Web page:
Continued from Part 1
Who was Buffon? According to Jonathan Marks in Human Biodiversity, the Count de Buffon was the leader of a sort of opposition to Linnaeus. Linnaeus had replaced the idea of the great chain of being with his set of nested categories (class-order-genus-species). Species were members of a genus, a member of an order and of a class (eg mammals). However, Linnaeus saw no evolutionary processes or formations of new species.
Buffon also opposed the theory of evolution and that species had remained stable since their formation. Within species however the environment (milieu) could cause distinct population differences. Where macroevolutionary ideas did surface in the early 19th C. such as with Lamarck they occurred within the Great Chain.
In the 20th C., says Marks, anthropology moved from a largely Linnaean scheme to a Buffonian scheme. In the 1740 edition of his work Linnaeus posited four geographical subdivisions of humans: white Europeans, red Americans, yellow Asians and black Africans. These were natural categories. But they didn’t quite work geographically–Marks says they were really a “socio-cultural criteria” (p. 50).
Where Linnaeus had classification as his goal (isolation of common elements), Buffon had diversity (explaining variation). Unfortunately for anthropology, says Marks, between 1758 (Linnaeus’ 10th edition) to 1968 (when it was overthrown) physical anthropology followed Linnaeus in searching for races and their nature.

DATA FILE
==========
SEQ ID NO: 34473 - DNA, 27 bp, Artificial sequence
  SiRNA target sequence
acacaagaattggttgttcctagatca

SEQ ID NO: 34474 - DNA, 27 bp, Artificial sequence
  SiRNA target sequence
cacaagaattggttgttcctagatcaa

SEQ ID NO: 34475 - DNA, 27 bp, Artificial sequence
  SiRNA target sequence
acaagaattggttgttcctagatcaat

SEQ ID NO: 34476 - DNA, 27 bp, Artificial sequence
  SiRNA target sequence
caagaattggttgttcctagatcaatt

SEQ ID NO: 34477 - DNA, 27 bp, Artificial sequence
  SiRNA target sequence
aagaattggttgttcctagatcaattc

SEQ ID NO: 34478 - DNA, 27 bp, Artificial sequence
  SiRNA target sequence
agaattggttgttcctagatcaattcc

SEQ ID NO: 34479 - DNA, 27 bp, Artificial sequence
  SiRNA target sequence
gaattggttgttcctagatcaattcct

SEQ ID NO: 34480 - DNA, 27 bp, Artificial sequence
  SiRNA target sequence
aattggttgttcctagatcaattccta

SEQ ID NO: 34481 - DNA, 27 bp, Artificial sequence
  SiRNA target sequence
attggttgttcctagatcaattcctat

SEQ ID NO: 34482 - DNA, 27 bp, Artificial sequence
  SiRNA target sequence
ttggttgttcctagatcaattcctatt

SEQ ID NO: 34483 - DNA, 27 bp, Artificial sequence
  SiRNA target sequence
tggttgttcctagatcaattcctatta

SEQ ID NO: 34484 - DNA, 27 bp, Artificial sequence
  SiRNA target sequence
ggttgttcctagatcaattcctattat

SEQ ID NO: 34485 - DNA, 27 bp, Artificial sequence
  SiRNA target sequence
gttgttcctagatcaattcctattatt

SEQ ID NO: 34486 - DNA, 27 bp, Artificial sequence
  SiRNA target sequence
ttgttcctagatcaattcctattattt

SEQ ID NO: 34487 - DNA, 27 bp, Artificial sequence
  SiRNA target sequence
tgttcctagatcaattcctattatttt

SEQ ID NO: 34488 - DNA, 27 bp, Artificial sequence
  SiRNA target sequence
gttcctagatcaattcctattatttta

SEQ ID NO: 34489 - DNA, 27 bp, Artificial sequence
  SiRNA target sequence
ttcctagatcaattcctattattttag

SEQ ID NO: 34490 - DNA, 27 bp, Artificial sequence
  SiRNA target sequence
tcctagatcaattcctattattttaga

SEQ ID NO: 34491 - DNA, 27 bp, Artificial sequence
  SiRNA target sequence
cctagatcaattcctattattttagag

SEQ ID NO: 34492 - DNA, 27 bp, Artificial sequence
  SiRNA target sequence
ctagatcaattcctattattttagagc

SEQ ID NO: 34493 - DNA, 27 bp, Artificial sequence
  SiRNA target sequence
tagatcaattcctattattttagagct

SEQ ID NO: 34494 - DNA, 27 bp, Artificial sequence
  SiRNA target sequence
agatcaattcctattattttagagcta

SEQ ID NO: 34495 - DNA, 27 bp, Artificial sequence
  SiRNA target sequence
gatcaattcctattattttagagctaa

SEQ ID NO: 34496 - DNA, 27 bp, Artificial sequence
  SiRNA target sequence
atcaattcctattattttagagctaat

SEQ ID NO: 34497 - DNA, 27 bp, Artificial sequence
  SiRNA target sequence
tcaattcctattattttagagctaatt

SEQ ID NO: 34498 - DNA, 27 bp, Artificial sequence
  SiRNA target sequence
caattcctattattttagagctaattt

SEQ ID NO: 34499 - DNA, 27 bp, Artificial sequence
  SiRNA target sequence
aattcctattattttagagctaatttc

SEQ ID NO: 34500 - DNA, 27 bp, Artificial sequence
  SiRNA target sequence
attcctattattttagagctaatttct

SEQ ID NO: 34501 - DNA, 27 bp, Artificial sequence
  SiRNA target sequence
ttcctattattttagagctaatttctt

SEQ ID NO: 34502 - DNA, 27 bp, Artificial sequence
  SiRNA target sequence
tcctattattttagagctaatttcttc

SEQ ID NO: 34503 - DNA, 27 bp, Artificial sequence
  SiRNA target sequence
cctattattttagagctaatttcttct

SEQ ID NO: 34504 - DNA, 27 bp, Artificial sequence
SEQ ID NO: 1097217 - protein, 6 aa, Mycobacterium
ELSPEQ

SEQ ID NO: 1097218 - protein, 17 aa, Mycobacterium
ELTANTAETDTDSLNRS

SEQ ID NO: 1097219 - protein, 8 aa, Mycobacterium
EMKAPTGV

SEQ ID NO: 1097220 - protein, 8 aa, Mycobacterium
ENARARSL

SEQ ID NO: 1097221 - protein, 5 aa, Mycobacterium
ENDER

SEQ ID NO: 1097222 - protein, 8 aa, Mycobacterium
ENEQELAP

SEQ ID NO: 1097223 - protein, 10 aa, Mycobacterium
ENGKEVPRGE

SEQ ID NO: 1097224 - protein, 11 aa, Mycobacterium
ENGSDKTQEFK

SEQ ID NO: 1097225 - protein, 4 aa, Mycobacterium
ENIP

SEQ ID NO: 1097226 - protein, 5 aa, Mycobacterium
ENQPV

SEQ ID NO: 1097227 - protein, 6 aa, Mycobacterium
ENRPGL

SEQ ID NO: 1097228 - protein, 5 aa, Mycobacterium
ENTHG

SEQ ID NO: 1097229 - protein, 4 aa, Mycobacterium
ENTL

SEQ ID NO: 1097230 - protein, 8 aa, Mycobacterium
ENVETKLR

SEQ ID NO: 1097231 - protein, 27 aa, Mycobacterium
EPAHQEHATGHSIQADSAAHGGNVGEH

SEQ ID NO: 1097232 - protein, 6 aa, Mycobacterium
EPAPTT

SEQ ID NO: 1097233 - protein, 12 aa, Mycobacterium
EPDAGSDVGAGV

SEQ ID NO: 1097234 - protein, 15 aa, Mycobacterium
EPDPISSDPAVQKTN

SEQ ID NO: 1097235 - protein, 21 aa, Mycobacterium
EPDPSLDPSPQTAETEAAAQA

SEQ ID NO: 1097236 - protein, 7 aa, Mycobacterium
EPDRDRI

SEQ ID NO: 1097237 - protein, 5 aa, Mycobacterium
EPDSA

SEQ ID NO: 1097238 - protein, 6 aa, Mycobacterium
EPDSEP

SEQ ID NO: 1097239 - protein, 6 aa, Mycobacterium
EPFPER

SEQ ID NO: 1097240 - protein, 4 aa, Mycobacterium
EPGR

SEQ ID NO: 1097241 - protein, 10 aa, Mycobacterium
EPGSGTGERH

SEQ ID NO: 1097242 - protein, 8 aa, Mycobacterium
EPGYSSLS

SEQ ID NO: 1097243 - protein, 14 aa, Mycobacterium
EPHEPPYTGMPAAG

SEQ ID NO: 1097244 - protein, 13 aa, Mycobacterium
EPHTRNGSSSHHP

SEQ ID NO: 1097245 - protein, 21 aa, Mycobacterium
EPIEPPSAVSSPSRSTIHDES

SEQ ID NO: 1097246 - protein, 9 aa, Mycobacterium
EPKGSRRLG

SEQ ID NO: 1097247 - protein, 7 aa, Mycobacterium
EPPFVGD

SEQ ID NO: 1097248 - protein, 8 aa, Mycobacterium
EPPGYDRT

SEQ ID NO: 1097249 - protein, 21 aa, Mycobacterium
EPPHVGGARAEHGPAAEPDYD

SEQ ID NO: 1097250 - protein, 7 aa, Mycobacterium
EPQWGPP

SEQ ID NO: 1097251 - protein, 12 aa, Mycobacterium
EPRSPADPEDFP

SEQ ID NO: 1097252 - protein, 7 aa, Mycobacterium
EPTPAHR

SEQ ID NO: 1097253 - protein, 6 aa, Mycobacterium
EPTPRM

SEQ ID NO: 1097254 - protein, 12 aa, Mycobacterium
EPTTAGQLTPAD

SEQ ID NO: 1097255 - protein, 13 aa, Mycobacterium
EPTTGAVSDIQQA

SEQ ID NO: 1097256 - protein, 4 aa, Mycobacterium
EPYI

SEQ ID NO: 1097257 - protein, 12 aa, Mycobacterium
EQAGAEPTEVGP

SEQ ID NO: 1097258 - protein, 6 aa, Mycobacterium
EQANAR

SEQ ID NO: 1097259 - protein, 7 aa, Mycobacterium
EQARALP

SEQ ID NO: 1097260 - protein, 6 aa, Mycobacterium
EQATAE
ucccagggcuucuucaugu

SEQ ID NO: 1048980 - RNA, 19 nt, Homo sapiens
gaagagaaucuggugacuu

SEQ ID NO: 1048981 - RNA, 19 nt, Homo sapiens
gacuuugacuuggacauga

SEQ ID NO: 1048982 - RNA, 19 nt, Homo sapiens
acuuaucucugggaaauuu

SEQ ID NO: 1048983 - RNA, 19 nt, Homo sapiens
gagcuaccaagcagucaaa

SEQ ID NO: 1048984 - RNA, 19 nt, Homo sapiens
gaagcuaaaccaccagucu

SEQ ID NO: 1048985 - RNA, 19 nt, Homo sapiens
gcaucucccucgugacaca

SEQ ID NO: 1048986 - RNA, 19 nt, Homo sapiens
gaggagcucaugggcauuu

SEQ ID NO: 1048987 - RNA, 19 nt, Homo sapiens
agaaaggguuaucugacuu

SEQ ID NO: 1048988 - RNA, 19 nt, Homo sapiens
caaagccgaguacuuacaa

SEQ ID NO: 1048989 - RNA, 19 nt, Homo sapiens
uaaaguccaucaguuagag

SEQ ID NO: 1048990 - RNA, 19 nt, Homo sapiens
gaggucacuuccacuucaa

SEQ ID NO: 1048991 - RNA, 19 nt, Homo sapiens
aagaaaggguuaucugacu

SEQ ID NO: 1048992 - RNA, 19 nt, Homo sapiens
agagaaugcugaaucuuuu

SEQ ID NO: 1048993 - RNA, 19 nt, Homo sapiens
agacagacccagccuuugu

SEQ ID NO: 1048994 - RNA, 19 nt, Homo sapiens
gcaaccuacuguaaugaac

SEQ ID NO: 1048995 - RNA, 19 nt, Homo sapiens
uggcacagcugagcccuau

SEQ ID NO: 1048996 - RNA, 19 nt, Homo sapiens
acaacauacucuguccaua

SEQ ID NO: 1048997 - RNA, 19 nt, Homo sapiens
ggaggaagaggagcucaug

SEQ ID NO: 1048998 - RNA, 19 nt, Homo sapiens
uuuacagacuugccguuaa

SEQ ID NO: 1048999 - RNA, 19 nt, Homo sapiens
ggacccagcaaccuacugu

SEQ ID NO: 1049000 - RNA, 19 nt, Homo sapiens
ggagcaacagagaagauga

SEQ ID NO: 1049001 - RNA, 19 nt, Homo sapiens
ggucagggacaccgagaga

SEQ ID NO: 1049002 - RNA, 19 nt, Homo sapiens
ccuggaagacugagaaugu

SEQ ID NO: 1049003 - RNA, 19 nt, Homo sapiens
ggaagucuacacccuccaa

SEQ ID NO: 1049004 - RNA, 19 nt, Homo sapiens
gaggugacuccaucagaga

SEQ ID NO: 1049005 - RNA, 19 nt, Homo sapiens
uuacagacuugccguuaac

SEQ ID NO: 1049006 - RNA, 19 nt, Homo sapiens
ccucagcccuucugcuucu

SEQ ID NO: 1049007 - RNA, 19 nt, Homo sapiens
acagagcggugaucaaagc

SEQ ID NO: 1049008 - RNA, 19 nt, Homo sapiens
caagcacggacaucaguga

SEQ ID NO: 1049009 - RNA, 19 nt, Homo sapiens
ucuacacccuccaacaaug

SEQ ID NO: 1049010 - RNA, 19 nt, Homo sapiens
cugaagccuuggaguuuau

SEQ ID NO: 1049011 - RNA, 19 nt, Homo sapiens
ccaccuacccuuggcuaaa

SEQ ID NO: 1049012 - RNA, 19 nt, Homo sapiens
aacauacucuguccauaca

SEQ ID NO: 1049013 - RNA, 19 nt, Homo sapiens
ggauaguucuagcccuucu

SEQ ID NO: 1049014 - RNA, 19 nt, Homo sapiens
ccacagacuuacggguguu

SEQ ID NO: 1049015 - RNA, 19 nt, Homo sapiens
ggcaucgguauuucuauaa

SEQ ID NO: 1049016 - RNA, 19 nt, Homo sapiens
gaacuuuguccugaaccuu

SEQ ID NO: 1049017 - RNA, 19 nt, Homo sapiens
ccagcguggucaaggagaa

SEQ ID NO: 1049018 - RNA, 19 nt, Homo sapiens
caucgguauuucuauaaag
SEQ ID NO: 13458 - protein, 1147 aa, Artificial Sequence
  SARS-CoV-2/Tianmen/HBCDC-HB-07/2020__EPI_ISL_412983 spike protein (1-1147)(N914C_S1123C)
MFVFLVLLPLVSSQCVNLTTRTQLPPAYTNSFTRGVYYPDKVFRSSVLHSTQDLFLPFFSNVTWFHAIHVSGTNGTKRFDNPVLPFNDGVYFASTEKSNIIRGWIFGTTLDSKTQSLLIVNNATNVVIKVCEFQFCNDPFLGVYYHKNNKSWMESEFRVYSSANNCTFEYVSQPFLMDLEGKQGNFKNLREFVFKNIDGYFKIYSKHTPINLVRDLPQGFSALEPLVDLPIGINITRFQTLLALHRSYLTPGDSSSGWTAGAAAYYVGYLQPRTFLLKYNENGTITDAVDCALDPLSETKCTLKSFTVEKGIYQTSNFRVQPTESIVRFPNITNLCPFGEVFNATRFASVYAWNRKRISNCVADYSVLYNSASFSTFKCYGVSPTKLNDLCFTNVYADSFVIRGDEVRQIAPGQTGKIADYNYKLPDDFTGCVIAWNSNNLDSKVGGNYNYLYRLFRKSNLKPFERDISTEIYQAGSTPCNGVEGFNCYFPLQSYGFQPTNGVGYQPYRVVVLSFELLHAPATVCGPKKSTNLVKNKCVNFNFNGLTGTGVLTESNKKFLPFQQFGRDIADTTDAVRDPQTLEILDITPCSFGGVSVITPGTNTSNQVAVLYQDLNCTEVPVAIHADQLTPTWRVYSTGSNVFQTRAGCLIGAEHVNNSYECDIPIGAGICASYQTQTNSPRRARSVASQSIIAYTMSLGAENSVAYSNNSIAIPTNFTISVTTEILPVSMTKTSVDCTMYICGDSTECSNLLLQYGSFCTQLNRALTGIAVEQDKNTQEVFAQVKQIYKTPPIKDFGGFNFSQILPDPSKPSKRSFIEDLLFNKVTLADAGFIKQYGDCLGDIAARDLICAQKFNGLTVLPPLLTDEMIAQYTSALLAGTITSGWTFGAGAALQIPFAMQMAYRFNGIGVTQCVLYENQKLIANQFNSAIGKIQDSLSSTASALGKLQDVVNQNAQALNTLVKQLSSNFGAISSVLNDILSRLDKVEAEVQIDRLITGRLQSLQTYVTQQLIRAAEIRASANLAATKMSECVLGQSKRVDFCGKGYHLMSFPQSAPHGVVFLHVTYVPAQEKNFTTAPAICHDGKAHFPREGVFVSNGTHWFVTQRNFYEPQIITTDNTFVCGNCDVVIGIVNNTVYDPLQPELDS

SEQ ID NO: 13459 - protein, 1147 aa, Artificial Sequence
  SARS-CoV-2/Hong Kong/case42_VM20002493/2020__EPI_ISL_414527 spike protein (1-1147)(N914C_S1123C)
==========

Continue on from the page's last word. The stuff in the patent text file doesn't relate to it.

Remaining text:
Buffon asserted that environment and especially climatic temperature operated to produce changes (he suggested a test of moving an African population to Denmark to see how long it took to turn white).
With the rejection of Linnaean classificatory goal, the focus now turns to understanding the range of diversity in human populations, without the over-arching categories of race. How do populations adapt to environments? What is the role of genetic drift? These are now the two questions.
This move is what Foucault means by “race” in his Society Must be Defended as well. There he does not always mean the standard idea of race, especially when he discusses “race” internally within a society. This is mixed up with an analytics of blood though, so it is not always easy to tease out.
So we see milieu plays an important role in Foucault’s accounts from madness (HoM) to security (STP) and governmentality (SMD). He emphasizes the now (post WWII) more accepted approach of Buffon (rather than Linnaeus). Race remains a difficult term in his work (SMD) because not always differentiated from “populations.” It is populations that should be emphasized as race has no enviro-biological reality. The milieu shapes not races, but human population groups.